Money Saving Tip: An incredibly effective way to save more is to reduce your monthly Internet and TV costs. Click here for the current AT&T DSL and U-VERSE promotion codes and promos and see if you can save more money every month from now on.

{ read the comments below or add one }

  • Luis says:

    Hi all
    Personally agree with Steveark
    We live in Springfield, MA and every year we take vacations to Florida.
    There are Pros and Cons, Driving or Flying.
    From 8 years that we have been taking vacations to Florida, only one was flying. Yes is true, it was fast and time saver. But in the other way, cost you more because you have to add the rental cost of a car, unless you grab a vacation package. Also, flying in this days for vacations it will limit what you can have in your luggage. Only the necessary, if is overweight you have to pay more.
    Now if you’re going to drive, again is true that is a sacrifice but, depend of the kind of car that you rent.
    We always rent a car because they’re new and has the eco feature (gas saving). We don’t like to put those mileage in our daily use cars. Driving allow you to take a small cooler, cookies, snacks, prepared food, etc. and enjoy the sights…… Remember, are vacations……
    When we drive long distances, we divide our trip in half to a hotel near the highway with “BREAKFAST INCLUDED” and with some interest things around.
    Example: From Springfield to Myrtle Beach are 12 hours. We start driving early in the morning like 6 to 8hrs then we stop in a hotel near Busch Gardens in Williamsburg, VA. Next day of arriving, we go to the park for the kids or the Outlets store for my wife, etc. Then we drive like a 4 or 5hrs more to our destiny.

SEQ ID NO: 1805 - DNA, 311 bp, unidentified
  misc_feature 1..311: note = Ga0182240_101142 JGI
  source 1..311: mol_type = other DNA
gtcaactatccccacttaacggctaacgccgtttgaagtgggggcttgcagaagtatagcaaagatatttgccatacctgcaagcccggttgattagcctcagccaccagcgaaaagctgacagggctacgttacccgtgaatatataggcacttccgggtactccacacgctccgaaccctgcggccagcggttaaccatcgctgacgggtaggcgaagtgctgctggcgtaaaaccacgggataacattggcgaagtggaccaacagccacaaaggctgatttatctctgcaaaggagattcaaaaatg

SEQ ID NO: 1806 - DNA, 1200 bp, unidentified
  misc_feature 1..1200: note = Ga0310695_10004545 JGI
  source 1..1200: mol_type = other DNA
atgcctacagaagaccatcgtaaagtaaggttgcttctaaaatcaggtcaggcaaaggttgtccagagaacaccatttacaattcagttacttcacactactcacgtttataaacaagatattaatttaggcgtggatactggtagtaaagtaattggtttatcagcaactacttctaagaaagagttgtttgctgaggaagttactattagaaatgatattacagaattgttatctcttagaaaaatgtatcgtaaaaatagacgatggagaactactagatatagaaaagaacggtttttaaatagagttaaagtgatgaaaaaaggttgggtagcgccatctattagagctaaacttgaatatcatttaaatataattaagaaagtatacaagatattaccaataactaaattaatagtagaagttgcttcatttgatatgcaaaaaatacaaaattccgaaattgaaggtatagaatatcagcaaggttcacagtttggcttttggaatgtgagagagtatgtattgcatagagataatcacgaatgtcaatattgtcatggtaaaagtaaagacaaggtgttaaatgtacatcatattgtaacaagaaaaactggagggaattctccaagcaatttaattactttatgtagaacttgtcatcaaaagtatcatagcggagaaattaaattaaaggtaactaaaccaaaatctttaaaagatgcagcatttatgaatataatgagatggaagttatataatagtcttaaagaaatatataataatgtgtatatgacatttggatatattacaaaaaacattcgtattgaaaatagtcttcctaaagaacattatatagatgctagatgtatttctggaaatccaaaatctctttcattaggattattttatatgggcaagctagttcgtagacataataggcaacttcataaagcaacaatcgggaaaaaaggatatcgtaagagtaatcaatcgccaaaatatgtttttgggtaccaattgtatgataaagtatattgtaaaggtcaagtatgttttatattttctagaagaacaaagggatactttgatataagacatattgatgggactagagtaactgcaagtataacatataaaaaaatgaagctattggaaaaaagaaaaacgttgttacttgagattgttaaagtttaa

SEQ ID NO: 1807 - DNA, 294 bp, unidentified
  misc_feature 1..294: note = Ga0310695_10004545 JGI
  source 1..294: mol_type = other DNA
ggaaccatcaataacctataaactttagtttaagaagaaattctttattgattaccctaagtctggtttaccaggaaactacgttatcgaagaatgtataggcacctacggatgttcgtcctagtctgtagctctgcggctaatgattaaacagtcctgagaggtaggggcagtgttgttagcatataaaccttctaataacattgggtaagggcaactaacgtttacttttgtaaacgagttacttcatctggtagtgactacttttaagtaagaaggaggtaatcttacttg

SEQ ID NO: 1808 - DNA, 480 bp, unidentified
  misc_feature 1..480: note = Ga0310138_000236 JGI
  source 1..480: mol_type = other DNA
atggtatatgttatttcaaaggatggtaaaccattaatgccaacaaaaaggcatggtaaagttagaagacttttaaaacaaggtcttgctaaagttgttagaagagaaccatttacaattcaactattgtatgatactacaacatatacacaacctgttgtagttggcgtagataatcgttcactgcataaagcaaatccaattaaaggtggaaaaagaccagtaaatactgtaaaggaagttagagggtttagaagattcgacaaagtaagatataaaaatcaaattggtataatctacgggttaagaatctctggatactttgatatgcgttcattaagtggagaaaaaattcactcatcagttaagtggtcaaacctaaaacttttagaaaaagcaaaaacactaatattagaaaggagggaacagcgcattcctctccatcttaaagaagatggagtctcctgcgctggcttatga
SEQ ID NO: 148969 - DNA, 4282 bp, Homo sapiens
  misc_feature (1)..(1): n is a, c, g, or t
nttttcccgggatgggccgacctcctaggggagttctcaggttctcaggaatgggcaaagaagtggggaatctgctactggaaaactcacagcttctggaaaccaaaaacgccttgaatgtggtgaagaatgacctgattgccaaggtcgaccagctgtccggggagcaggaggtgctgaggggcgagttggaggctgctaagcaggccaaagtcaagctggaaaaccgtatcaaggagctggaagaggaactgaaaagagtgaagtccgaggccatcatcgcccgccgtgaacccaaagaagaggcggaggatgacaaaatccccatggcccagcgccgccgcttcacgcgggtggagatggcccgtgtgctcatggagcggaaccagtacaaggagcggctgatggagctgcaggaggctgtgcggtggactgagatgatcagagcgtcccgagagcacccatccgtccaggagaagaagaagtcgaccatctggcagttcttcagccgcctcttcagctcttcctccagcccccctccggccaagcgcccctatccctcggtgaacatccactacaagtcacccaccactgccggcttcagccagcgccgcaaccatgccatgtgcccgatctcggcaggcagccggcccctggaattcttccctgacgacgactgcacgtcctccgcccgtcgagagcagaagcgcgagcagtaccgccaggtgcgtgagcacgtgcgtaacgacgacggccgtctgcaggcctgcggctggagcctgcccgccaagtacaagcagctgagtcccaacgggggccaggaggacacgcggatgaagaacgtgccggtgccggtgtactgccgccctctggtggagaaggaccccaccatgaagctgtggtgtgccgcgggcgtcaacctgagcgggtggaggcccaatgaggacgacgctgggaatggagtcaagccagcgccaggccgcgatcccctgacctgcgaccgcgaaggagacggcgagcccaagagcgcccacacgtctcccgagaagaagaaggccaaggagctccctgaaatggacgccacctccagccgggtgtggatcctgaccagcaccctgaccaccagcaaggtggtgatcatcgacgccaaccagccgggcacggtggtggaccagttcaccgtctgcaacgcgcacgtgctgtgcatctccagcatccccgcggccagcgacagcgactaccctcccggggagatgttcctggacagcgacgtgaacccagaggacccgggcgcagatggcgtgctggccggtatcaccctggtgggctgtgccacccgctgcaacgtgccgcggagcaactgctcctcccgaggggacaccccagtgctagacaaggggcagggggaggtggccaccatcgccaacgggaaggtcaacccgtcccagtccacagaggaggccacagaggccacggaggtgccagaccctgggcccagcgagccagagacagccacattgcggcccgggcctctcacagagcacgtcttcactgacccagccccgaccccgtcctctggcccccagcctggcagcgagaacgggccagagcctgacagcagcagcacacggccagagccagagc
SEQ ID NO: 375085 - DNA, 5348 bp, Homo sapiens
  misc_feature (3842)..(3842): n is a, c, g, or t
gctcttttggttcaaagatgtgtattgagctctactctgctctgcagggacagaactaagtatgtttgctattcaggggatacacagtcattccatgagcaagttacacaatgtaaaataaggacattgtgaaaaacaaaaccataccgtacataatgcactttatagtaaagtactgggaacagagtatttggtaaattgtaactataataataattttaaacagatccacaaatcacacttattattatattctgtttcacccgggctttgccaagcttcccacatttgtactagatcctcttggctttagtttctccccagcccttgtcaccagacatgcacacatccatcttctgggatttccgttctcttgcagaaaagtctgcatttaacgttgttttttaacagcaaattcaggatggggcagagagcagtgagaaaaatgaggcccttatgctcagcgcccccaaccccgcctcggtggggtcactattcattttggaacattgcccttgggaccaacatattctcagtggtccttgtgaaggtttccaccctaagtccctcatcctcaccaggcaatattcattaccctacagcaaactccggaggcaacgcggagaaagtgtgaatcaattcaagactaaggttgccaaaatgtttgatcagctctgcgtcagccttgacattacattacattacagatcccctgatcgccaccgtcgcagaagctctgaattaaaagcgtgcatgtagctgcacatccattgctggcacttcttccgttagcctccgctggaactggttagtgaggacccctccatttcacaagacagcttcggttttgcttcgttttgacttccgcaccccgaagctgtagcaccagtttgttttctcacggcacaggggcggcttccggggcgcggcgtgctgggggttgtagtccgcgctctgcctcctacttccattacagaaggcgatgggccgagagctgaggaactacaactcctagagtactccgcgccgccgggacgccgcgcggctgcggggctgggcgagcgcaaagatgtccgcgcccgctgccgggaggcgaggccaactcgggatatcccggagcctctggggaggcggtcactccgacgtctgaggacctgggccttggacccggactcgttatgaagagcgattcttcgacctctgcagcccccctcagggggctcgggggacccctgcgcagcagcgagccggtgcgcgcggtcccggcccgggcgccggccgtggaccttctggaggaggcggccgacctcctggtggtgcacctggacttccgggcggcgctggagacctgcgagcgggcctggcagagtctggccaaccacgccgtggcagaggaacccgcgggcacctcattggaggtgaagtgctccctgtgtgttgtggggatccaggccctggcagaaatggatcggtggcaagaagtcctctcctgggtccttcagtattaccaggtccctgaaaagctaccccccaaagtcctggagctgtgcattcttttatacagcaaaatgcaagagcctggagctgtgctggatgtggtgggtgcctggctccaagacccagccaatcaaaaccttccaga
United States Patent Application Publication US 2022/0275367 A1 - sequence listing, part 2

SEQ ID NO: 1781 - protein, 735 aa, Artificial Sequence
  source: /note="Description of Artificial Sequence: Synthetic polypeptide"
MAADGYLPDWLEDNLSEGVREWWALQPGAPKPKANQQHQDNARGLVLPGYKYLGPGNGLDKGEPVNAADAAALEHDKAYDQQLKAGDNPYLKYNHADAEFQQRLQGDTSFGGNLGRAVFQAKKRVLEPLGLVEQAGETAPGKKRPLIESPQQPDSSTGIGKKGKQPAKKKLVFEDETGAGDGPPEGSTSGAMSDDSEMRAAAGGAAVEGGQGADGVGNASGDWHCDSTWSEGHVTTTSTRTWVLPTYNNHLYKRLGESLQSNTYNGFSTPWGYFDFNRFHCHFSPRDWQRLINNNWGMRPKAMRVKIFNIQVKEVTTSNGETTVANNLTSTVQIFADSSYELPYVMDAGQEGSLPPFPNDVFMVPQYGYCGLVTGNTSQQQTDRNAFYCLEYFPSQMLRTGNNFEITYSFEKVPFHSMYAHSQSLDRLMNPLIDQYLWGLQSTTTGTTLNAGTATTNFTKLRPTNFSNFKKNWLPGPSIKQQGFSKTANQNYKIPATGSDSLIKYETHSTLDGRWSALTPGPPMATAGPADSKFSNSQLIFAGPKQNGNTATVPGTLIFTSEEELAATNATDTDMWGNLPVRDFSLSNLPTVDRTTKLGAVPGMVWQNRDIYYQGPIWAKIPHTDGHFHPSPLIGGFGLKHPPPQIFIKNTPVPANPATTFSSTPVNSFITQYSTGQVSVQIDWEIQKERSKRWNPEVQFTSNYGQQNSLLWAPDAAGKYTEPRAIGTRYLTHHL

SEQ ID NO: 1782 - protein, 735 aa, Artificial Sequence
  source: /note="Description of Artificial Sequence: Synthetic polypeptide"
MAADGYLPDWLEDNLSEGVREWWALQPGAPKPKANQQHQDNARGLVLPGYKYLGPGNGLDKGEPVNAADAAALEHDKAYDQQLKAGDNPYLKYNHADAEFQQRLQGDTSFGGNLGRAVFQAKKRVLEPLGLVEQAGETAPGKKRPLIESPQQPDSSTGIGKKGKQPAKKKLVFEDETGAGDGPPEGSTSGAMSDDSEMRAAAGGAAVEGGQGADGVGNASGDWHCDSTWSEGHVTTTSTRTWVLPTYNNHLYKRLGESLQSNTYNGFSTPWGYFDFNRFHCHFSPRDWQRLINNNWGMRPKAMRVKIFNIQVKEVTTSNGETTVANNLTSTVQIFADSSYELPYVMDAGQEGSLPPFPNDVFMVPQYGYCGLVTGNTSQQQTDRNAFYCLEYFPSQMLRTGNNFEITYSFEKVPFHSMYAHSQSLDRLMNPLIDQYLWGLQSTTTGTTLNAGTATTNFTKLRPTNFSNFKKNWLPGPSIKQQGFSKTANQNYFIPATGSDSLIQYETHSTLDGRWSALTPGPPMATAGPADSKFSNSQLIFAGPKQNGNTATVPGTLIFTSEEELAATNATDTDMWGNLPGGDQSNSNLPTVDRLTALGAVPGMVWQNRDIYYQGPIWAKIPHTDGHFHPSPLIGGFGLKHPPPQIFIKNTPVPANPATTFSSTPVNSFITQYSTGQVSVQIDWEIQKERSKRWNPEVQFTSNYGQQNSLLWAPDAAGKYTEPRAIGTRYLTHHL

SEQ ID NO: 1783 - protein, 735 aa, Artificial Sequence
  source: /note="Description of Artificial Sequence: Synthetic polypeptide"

Driving is fun, educational, and there’s a lot of quality time to share in family.

  • Taya Dianna says:

    I frequently drive from Wilmington, DE to Monticello, IN area (near Lafayette! #boilerup). I used to fly but then realized that I was really only saving a couple hours of travel time due to the necessity of arriving early to the airport, potential delays, waiting for luggage & then waiting for a rental car. Cost-wise, driving was much cheaper AND I could load up my car with stuff/supplies going to or taking home from family. I really enjoy the drive – taking the time to myself, jamming out to the radio, appreciating the scenery, reminiscing about family road trips… & of course there’s the added benefit of being able to travel w/my dog when I drive. For families today, I encourage you to take the drive & have designated “technology free” times to talk, play road games, teach the kids how to READ A MAP, calculate gas mileage…all things I think so many kids today are missing out on.

  • DNN says:

    I’m a bit nervous in the air.

  • Steveark says:

    We generally drive everywhere because as an early retired, empty nest couple half the fun is getting there. Our last three thousand mile road trip had no iteniary and very few plans other than one major destination. You miss a lot in the fly over states that you get to see when you drive. But we also have all the time we want to spend, so a three day trip can turn into a two week trip on a whim. We do fly on overseas trips, some places you just can’t drive to!

Leave a Comment